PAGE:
Frost’s father Ronald “Nooky” Nooks played with The Ohio Players sometimes after Morrison left the band in 1974 for a solo career.
He released three solo albums on Westbound Records.
Frost was a big fan of Morrison’s work.
“Junie was just a different kind of musician. He was totally incredible,” Frost said.
Morrison was induced into the Funk Music Hall of Fame & Exhibition Center based in downtown Dayton last year.
Hall of Fame president David Webb said Morrison was a great musician who supported preserving funk’s heritage.
“We are praying for his family,” Webb said.
Response on Facebook to word of the funk legend’s passing was swift.
“Junie Morrison WAS funk to me and many others,” one comment read.
Okay enough is enough, somebody tell me this ain't so. In case it is we have lost another frequency in the... https://t.co/FzO5VeDtvX— Bootsy Collins (@Bootsy_Collins) February 16, 2017
Published: Sunday, June 24, 2018 @ 9:21 PM
DAYTON — A man was charged with felonious assault and domestic violence Sunday against Harry McBride, 27, according to a Dayton Police report.
Emanuel Porter, also 27, was arrested and booked into Montgomery County Jail.
Initial reports say there was a possible stabbing at 1906 Elsmere Avenue.
When crews arrived, neighbors were being combative and told them it wasn’t anything serious.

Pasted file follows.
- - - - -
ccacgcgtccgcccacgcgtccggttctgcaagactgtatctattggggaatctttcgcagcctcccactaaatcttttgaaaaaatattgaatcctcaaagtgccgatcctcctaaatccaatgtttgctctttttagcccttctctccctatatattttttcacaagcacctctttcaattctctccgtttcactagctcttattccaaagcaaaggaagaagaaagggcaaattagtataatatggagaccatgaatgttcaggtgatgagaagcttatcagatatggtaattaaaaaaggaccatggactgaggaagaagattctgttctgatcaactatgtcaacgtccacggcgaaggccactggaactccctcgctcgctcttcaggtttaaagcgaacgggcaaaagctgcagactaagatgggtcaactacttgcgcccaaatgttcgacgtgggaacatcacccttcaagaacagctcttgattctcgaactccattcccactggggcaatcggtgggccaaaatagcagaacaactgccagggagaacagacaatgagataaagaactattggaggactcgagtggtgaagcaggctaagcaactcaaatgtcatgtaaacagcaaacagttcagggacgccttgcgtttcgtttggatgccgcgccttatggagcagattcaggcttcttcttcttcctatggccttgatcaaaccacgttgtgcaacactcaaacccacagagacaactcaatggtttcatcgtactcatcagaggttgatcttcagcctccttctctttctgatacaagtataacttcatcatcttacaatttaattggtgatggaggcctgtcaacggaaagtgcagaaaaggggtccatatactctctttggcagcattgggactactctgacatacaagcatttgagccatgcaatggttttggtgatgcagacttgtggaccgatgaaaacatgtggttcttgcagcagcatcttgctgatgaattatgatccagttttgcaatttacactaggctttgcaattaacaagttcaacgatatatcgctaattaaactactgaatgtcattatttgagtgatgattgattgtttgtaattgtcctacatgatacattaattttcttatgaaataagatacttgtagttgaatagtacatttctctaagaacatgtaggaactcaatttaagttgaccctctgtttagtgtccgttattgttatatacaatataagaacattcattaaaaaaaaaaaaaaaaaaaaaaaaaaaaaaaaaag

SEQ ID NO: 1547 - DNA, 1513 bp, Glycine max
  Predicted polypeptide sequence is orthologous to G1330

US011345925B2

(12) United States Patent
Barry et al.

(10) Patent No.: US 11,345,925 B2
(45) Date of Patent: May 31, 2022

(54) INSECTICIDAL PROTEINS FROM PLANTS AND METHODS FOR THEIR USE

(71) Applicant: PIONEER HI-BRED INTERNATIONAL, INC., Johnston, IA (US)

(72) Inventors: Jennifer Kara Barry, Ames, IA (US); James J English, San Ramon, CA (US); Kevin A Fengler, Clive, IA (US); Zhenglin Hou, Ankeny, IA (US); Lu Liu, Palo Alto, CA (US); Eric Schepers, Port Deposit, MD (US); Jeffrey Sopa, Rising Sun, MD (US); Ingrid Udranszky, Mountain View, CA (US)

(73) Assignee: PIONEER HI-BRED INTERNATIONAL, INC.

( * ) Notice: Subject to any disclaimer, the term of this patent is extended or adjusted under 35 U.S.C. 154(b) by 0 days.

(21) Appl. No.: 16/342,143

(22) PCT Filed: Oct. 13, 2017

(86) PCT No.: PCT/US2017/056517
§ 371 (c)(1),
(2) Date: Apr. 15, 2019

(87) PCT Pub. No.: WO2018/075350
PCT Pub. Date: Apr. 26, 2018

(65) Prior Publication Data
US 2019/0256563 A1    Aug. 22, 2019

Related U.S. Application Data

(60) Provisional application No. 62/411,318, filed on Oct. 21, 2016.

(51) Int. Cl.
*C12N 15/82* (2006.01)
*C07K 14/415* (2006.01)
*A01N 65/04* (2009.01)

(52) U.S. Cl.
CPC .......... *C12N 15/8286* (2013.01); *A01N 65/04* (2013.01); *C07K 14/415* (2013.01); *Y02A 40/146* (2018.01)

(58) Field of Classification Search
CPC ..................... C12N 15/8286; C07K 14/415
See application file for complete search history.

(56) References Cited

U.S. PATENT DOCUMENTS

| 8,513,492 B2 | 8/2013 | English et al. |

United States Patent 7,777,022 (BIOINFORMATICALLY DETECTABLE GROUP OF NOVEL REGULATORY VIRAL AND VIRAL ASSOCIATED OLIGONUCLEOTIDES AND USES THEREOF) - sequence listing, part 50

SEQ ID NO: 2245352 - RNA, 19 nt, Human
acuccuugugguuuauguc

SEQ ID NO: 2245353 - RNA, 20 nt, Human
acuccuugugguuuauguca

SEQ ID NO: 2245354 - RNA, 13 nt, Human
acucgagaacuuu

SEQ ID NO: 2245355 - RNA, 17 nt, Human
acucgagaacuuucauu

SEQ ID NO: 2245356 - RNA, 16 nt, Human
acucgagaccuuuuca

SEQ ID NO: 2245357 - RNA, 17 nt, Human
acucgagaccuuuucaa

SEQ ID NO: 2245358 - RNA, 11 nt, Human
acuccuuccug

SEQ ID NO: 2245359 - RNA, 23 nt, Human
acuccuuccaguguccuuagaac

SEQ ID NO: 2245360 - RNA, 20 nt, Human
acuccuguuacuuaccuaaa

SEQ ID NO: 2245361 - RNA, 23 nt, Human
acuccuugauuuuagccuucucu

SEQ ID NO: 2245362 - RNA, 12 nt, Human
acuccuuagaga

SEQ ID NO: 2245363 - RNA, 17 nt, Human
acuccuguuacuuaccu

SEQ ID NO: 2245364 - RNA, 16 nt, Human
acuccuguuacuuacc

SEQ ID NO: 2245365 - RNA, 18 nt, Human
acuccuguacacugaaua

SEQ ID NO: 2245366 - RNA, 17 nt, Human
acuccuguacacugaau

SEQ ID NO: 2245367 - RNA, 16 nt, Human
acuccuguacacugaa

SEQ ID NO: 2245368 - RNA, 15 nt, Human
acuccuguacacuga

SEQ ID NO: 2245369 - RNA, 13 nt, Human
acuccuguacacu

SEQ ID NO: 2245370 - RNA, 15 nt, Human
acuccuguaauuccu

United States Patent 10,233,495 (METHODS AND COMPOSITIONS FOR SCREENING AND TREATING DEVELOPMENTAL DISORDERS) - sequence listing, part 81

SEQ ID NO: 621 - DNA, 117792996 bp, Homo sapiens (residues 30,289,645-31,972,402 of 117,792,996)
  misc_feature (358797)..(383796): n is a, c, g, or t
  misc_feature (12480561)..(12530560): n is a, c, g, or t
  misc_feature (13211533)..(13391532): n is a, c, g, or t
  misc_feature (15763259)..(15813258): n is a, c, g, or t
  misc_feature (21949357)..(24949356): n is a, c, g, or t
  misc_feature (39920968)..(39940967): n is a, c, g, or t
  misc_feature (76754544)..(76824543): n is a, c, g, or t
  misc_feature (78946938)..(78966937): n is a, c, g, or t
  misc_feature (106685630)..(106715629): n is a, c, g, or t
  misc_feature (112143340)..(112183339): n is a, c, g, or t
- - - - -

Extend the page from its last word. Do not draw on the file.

Published: Sunday, June 24, 2018 @ 9:56 PM
Updated: Sunday, June 24, 2018 @ 11:14 PM
HIGHLAND COUNTY — Local Dayton police and fire departments helped escort a fallen firefighter/EMT from Kettering Medical Center to the Montgomery County Coroner’s Office Sunday night.
The firefighter died early Sunday, Dayton Police Sgt. Anderson confirmed.
He was a firefighter/EMT with the Paint Creek Joint EMS/Fire District and lost his life after an accident at the district’s station near Rainsboro, according to a local news journal.
The firefighter was working with compressed air cylinders when he was critically injured by one of the cylinders. He was then air lifted by a MedFlight helicopter to Kettering Medical Center, where he later died.
Published: Sunday, June 24, 2018 @ 7:22 PM
GREENVILLE — The Darke County Humane Society (DCHS) has received their first felony Animal Cruelty Conviction, according to a release.